Sunday, November 15, 2015

Ricky Skaggs' & Ry Cooder's Master Class

On their current tour these virtuosos have taken on new roles: Master Gardeners charged with preserving and protecting American Roots Music.  All their years of laboring in the  vineyards of country, bluegrass, and gospel have produced a vintage sound that was on display at the Birchmere in Alexandria, VA this week.

A set list that began with the Louvin Brothers’ The Family Who Prays  and ended with the Stanley Brothers’ Over in Gloryland might have foreshadowed a fire and brimstone tent revival. And at one point Ricky looked across the stage and asked “Ry, when you were growing up in Santa Monica did you think you’d end up playing bass in a gospel quartet?”  “Yes I did,” Cooder deadpanned.

But there was too much fun to be had on this trip down memory lane for anyone to feel pressured into baptism.  As they played and sang, it became clear that the longing for love and the need for spiritual sustenance are only separated by a few chords and a chorus.

They moved from Merle Travis (Sweet Temptation) to Hank Williams (Mansion on the Hill) to Stanley Brothers (Cold Jordan) effortlessly as changing guitars.

At one point, Cooder picked up what he called “a 100 lb guitar” that he had never played on stage before. The result was a rollicking duet with Skaggs’ mandolin on  Hold Whatcha Got with the audience singing along to the chorus:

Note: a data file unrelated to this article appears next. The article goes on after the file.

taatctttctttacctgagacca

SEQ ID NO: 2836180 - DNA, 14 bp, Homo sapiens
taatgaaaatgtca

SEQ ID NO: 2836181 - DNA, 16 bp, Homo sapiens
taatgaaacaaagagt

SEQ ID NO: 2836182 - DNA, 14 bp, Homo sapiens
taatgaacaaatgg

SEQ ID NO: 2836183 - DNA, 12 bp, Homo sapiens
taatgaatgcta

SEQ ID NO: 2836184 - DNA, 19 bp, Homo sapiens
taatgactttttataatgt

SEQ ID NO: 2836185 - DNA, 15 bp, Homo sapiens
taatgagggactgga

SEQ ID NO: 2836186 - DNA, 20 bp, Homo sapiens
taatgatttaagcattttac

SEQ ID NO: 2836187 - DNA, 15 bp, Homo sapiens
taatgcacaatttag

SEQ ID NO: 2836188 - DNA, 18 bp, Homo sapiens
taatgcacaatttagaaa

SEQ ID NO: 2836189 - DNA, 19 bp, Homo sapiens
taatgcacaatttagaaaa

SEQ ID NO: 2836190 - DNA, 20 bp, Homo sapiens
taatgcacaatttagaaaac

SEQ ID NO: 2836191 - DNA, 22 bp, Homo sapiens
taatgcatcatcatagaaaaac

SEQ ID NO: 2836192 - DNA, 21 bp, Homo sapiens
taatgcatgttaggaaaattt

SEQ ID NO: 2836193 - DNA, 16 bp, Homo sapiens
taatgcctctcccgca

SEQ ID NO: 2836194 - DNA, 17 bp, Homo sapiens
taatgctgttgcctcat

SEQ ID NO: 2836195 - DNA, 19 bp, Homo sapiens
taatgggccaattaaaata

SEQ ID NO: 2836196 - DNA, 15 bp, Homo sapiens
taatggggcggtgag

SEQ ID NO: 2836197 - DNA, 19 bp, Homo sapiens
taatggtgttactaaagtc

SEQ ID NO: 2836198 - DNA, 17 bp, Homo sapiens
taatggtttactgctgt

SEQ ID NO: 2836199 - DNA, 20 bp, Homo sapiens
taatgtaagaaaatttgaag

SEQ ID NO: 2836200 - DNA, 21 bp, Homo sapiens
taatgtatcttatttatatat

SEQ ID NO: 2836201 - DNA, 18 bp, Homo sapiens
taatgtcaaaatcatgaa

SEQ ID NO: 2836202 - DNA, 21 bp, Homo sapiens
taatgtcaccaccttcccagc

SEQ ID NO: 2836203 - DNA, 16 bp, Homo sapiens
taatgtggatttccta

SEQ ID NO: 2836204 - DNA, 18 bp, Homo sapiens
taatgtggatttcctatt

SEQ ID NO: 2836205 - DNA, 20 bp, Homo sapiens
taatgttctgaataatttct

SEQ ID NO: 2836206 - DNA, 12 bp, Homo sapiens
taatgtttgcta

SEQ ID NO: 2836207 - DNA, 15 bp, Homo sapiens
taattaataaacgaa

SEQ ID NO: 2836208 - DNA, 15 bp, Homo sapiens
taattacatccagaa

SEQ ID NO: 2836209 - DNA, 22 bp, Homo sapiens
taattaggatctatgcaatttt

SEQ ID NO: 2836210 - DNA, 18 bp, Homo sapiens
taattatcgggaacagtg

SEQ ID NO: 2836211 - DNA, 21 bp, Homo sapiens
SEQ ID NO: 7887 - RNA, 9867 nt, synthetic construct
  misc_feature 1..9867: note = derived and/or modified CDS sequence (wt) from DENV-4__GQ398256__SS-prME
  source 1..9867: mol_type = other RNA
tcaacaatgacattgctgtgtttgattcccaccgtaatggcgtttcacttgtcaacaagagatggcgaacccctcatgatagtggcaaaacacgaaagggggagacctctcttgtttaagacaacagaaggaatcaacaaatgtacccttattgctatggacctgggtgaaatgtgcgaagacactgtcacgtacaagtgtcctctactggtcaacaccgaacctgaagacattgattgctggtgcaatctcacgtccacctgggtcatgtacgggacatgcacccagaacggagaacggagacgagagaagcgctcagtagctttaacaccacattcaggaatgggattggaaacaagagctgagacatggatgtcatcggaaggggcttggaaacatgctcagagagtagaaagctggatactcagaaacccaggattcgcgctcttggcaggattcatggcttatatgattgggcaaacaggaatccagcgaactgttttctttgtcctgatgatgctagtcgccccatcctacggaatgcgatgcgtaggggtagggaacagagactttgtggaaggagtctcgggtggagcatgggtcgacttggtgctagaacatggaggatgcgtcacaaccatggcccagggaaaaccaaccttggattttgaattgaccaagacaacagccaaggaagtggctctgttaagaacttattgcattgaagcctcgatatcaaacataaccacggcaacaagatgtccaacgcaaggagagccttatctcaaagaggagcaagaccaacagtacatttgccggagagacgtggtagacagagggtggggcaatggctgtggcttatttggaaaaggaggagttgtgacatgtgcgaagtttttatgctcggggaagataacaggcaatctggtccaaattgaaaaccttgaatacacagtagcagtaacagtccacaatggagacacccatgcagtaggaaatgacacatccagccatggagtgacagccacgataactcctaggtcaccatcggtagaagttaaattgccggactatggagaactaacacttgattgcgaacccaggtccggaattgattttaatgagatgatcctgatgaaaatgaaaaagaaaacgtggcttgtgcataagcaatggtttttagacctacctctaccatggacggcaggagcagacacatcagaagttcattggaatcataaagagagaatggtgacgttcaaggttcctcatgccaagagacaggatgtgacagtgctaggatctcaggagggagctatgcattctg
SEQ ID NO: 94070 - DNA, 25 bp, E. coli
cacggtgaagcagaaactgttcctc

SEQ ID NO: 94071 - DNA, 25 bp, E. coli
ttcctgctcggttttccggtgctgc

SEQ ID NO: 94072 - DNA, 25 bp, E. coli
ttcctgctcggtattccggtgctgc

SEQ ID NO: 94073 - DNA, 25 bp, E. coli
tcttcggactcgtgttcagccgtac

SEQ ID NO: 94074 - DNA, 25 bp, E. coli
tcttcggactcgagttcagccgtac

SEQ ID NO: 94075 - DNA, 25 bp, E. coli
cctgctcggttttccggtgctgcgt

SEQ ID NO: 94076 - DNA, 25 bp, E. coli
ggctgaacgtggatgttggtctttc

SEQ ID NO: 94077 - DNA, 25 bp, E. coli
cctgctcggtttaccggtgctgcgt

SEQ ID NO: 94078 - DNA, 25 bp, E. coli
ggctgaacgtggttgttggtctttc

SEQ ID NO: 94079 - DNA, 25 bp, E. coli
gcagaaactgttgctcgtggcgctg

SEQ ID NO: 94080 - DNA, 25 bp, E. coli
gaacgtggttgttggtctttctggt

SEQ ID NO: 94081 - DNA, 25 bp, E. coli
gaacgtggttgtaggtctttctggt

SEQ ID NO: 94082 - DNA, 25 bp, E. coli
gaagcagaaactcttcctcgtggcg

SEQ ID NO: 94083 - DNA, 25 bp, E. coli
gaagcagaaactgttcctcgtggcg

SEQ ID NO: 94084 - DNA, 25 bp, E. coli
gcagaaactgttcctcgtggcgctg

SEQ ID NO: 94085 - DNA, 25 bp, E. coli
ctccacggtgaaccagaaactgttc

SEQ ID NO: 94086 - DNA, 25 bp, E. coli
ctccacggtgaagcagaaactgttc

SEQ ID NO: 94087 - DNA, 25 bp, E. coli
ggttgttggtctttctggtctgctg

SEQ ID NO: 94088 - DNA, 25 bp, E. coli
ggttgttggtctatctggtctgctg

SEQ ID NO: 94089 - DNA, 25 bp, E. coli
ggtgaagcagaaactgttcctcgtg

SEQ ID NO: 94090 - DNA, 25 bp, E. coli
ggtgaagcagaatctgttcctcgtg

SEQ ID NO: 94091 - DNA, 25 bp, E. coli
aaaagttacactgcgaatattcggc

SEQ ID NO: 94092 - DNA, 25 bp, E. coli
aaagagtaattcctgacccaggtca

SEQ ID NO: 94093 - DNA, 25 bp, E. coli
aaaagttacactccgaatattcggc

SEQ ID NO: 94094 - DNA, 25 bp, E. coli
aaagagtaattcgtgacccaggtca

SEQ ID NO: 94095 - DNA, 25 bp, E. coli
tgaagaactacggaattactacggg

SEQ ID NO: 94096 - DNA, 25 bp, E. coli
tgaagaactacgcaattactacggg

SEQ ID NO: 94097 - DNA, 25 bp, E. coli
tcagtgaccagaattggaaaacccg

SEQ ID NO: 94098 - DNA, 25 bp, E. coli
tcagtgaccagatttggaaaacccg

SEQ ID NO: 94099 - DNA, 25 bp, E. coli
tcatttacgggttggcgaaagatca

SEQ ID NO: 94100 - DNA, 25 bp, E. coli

Don’t sell the house, don’t wreck the car
Stay there, honey, right where you are
Hold whatcha got, I’m coming home to stay.

Cooder was similarly self-effacing when he strapped on a banjo that he said once belonged to Mike Seger and that he learned how to play it by watching You Tube videos.
Skaggs, his wife Sharon White, and Ry often suggested the audience turn to You Tube to hear the originals of the songwriters they were highlighting.

The legacies of Hank Snow (Now and Then There’s a Fool Such as I) and Lester Flatt & Earl Scruggs (Gone Home) are in good hands as these ‘young’ legends add their own lustrous versions to the country-gospel canon.

Rounding out the troupe was Sharon’s sister Cheryl on vocals, her father, 84-year-old Buck, on piano, Mark Fain on bass and Ry’s son, Joaquin Cooder, on drums.
When the road is called up yonder this band will be ready.

As for me, I heard the spirit listening to Ry Cooder’s solo intro to Tennessee Waltz. It is still ringing in my ears.


  1. I worship at the temple of Ry Cooder.

  2. Wow! What a wonderful concert to see. Thanks for the great notes.

  3. Don't know much abt Ry Cooder-you got me interested. Glad Ricky didn't preach-I find his conviction off-putting.

  4. Nice writeup. What a show, wish I'd been there. Ry Cooder is ... well, Ry Cooder. Your post sent me to listening to a song off a 1977 album by Buck White and the Down Home Folks (among them a young Ricky Skaggs) –– that song being a heartfelt cover of Don Williams' "Don't You Believe," with Sharon White on lead vocal.